But that, I suppose, is life, and if I make too much of the demise of a printer, let?me just say that I’ve had this feeling lately that life is all these concentric circles, these interwoven links, and that everything is connected. So, for me, the loss of the machine that’s helped me put my writing into print for over a decade feels a bit like the loss of an entire era, like the loss of those lovely grad school years when the printer was new, those years when I could spend an entire day working out a poem, bring it to workshop, take it back home and work on it some more. That first year of grad school I lived in a makeshift apartment in a rickety old house in Amherst, and it was my first year living alone in quite some time (I’d had a live-in partner, and college housemates, before?that). I can remember the night I thought drinking?a second bottle of wine by myself was a good idea, and the night I broke up with someone but slept with him anyway, and the night I overheard every word of an argument between my landlords over the recycling bins and whose turn it was to take them out.
And then I moved, to an apartment in Northampton that was as charming as it was noisy, and the printer came with me. My desk was an old door from a house my parents were renovating propped up on two filing cabinets, and the cords for my computer fit through the hole where the door knob would go. The printer was on the far right, and despite this unwieldy late-nineties desktop computer and the large LaserJet, there was enough space for me to sit, comfortably, between them. The desk was in my bedroom, but I’d made a psychic barrier between the bed space and the writing space, and every morning I wasn’t teaching?I’d stumble over to the desk with a cup of coffee and get to work. Some days the poems came like water, trickling easily out of the faucet, and other days they were labored and slow. Always, I’d print them, read them out loud, change a comma, read them out loud again. I drank so much coffee in those days; my anxiety, and my adrenal glands, shudder with the memory.
But was it a simpler time? Of course it was. When writers ask whether an MFA is worth it, I cite those hours at that desk and the feeling of summer camp, like I was writing in Northampton while Leah was writing in Sunderland, with Leslie at her desk in the adjacent room, and the Bens back in Amherst and someone else out in Greenfield, all of us working away like satellites in communication with one another, pausing for whatever; or not working, and pulling our hair out, and blocked?but that was our job, that, just to try to work, not to parent or to homestead or to be married or to publish?we didn’t even worry that much about publishing! Perhaps we should have. But just to do the work. I’ll never get that time back; I’ll always want that time back.
I left Northampton on January 1, 2001. On New Year’s Eve at 9:45 p.m. I’d been painting my blue walls back to white and packing the last of the boxes. Later, I walked over to see some friends. I’d already kissed Laura goodbye, and Leah was long gone, and Mikey vowed to stay in touch (and did). Jim Foley was very much alive. And off I went the next morning, drove out to Portland, Oregon, with my little brother, hitting every winter storm whatever region we were passing through could throw at us. And when he flew back to Boston a day or so later, leaving me to my new life, I cried like I’ve never cried before or since, with loneliness, with anguish, with the deepest sense of loss.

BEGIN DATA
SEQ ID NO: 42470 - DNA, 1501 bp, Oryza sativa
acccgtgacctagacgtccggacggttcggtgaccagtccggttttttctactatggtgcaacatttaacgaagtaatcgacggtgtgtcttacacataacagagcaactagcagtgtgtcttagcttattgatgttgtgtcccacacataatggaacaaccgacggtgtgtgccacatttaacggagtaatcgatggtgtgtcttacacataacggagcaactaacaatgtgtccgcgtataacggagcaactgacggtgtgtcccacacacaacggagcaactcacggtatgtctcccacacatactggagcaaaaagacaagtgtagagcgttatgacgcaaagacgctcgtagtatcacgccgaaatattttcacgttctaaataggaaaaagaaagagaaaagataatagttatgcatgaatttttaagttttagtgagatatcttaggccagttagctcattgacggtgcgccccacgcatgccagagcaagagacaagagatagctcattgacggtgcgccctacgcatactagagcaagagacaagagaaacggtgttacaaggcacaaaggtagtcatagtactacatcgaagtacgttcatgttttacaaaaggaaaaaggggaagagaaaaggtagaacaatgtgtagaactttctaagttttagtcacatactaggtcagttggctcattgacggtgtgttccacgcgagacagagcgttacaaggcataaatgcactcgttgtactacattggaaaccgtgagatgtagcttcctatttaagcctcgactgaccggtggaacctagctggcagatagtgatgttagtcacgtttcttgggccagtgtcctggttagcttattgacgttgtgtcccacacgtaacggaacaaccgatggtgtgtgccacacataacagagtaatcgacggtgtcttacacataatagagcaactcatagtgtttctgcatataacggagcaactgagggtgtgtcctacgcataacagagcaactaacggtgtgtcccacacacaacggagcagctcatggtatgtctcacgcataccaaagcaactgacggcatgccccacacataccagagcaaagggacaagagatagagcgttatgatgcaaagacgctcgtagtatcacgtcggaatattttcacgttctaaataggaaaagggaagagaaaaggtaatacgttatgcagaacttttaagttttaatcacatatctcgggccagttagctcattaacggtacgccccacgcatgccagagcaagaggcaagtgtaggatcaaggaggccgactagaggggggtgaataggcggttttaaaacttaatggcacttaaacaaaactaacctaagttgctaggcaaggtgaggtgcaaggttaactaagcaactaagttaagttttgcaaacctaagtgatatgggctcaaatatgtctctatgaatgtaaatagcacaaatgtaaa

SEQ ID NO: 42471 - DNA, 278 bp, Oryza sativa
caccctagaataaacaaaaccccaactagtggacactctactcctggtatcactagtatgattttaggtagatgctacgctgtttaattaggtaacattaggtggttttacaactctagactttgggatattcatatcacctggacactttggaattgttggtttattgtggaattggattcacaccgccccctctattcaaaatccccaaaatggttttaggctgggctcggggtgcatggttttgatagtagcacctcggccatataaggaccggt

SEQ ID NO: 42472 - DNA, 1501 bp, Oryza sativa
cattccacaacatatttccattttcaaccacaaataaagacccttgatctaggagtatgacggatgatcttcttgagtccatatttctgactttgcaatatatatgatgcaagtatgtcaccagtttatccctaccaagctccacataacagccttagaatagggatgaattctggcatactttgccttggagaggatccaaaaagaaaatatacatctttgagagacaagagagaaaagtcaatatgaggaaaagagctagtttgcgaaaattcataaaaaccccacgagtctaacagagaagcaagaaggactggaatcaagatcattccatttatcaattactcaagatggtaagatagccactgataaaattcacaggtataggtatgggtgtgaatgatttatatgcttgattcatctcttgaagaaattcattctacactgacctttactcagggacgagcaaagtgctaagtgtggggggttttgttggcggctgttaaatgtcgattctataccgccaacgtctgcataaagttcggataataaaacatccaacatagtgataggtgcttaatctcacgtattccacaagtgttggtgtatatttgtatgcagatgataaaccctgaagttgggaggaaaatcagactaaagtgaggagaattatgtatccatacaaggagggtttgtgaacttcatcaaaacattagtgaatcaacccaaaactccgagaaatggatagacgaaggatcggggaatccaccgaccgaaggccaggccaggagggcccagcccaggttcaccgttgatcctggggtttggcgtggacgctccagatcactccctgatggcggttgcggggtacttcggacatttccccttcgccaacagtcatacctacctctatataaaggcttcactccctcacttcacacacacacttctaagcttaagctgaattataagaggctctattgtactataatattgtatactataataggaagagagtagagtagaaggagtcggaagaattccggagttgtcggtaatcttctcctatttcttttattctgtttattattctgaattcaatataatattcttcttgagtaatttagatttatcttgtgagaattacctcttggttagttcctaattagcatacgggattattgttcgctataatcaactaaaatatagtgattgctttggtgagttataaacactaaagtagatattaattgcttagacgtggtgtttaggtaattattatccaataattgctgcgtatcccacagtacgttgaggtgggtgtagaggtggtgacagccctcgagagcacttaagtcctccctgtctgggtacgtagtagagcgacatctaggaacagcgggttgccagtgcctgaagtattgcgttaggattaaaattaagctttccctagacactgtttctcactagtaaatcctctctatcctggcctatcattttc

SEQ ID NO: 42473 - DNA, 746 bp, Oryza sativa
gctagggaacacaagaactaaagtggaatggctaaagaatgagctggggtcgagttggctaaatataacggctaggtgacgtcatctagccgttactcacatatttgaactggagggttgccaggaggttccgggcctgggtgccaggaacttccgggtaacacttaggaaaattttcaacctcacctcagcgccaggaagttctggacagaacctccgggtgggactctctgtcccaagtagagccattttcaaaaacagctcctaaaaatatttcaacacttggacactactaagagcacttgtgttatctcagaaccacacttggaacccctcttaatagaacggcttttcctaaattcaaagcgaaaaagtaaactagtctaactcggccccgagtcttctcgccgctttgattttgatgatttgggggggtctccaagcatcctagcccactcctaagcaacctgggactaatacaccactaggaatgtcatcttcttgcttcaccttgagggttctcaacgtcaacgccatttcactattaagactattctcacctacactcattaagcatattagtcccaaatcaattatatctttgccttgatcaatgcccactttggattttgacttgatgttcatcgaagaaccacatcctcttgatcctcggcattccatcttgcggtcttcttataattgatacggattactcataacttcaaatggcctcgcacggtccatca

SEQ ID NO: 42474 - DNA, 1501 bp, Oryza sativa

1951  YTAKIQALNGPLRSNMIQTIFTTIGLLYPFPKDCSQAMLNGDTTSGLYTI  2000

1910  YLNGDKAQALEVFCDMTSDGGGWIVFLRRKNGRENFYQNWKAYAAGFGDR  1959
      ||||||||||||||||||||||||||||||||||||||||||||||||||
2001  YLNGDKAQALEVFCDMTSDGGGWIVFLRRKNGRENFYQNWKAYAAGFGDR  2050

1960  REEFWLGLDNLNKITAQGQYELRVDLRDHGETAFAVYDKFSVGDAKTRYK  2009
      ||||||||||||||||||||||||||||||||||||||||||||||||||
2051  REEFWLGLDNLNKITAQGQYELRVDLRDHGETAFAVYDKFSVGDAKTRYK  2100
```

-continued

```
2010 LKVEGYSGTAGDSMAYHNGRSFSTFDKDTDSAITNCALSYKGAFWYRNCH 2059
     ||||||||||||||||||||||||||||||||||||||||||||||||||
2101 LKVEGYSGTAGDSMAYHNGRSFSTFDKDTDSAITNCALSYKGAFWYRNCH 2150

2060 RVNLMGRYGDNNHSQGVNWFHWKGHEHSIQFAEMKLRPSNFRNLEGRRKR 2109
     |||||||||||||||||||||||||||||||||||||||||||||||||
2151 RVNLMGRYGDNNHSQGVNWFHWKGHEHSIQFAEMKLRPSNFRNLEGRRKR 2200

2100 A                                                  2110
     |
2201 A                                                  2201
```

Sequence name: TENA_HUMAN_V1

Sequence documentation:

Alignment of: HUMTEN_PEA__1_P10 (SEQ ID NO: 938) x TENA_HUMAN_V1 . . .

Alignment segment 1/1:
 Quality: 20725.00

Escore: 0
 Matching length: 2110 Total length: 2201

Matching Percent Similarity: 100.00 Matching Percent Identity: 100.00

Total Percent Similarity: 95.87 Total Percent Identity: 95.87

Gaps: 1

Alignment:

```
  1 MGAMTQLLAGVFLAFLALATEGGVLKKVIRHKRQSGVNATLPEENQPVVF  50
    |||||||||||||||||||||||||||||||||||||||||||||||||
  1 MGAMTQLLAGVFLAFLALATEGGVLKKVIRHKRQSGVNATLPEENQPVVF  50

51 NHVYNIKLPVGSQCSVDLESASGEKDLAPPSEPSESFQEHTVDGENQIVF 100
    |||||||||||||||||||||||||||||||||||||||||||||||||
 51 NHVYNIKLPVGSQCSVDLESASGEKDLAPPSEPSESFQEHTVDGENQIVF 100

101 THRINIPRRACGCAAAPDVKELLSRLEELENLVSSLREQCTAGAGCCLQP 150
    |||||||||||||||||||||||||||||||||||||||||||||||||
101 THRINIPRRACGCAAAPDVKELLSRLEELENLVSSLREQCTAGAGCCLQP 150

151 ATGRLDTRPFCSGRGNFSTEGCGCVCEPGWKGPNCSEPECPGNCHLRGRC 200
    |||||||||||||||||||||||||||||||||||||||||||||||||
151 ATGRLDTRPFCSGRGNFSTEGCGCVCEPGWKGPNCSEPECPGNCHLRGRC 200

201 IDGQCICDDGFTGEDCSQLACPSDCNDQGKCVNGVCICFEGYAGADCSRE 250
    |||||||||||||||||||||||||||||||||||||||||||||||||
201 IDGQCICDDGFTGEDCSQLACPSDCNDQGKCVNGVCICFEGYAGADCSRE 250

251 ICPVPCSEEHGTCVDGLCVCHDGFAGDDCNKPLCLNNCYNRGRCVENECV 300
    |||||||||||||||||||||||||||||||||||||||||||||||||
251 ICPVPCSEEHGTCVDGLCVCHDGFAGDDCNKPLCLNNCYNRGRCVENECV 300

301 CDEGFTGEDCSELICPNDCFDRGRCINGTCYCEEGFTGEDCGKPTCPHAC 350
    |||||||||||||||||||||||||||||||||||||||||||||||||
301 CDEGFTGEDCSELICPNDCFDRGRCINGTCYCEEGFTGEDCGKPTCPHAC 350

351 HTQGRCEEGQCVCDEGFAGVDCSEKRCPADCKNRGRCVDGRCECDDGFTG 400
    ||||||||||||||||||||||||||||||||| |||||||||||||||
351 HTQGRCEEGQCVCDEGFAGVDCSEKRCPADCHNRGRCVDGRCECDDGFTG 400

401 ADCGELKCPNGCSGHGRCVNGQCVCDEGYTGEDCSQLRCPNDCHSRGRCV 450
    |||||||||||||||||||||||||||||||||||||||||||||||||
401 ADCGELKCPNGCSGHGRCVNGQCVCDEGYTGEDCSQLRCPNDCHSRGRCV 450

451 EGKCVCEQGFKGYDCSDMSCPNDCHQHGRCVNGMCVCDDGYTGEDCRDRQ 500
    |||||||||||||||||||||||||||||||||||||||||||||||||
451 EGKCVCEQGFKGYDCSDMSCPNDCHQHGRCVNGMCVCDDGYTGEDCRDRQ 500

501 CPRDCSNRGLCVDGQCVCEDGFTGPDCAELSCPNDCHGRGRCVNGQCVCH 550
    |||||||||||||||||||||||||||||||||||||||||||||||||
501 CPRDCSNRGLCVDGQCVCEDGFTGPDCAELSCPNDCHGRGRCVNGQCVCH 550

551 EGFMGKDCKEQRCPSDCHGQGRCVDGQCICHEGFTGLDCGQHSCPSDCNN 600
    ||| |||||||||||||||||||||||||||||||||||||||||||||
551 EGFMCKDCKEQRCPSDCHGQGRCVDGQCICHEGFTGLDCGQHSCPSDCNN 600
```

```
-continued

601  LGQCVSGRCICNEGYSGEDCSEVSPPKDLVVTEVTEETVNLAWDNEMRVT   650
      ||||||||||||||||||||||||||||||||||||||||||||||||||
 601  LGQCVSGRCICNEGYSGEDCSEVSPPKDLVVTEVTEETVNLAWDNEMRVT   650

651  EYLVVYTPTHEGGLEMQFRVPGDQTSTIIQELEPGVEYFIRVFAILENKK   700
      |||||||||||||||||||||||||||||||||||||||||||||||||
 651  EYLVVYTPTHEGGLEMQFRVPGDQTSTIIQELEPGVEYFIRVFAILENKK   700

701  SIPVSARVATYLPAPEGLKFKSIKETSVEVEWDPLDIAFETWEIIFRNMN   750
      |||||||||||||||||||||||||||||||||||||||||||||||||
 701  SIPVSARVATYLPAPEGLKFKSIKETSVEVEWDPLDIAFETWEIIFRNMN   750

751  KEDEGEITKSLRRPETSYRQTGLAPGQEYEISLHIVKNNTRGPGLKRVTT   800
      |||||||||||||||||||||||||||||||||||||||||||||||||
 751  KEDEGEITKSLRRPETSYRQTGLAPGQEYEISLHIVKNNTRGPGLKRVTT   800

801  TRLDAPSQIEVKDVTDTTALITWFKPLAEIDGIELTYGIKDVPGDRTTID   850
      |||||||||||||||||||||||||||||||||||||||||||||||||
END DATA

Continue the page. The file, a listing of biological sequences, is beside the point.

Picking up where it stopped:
But, and perhaps this was no accident: a week later, I met the man who would become my husband. And then so many things happened that truly feel like fate: us?deciding to travel together for a year, and us getting engaged while we were traveling. And me writing a book about that year of travel, and about my surprise, after always having felt outside of it, to have found a man who truly loved me. That book spanned the next decade of my life. And then we moved?to Norway and had a baby, and when we got back, we tried again, and?again, and again to have another, and I wrote about that, too.
And here I am, terribly pensive of a January morning. L didn’t want to go to school, and his face turned puffy with tears. B tried to rationalize with him about school and its importance, but I eventually just held him and said, “You’re having a really tough morning.” My morning was tough, too: the printer, the car, the muddled-ness, the awful news of the world.
“You’re squeezing me too tight,” he said, but?I wasn’t sure what else to do but hold on.
Couple interesting things you all should check out.
Today’s post on popcorn, by Tara Conklin, is “My Top Five Books for Fall.” Recommendations for what to read this rainy, cool, wonderful season. She distills the much-awaited and much-acclaimed down to five, including the new novel by Zadie Smith. I won’t spoil the rest, but get your browsing self over to popcorn to investigate.
Bay Area folks, put on your calendar the November 3 screening of the short film “Sully Marooned” at the Castro Theater in San Francisco, between 3:00 and 6:00 p.m. (the film is less than ten minutes long; it will show with a bunch of others at the same time). This is the second film by my friend Chrissy Loader, who writes about music, love, loss, and frailty. This one is a hit–I loved it. Looks like you can buy tickets here.
I'm working from the premise that motherhood is not just all diapers, tantrums, and setting limits. It's interesting. Okay, sometimes.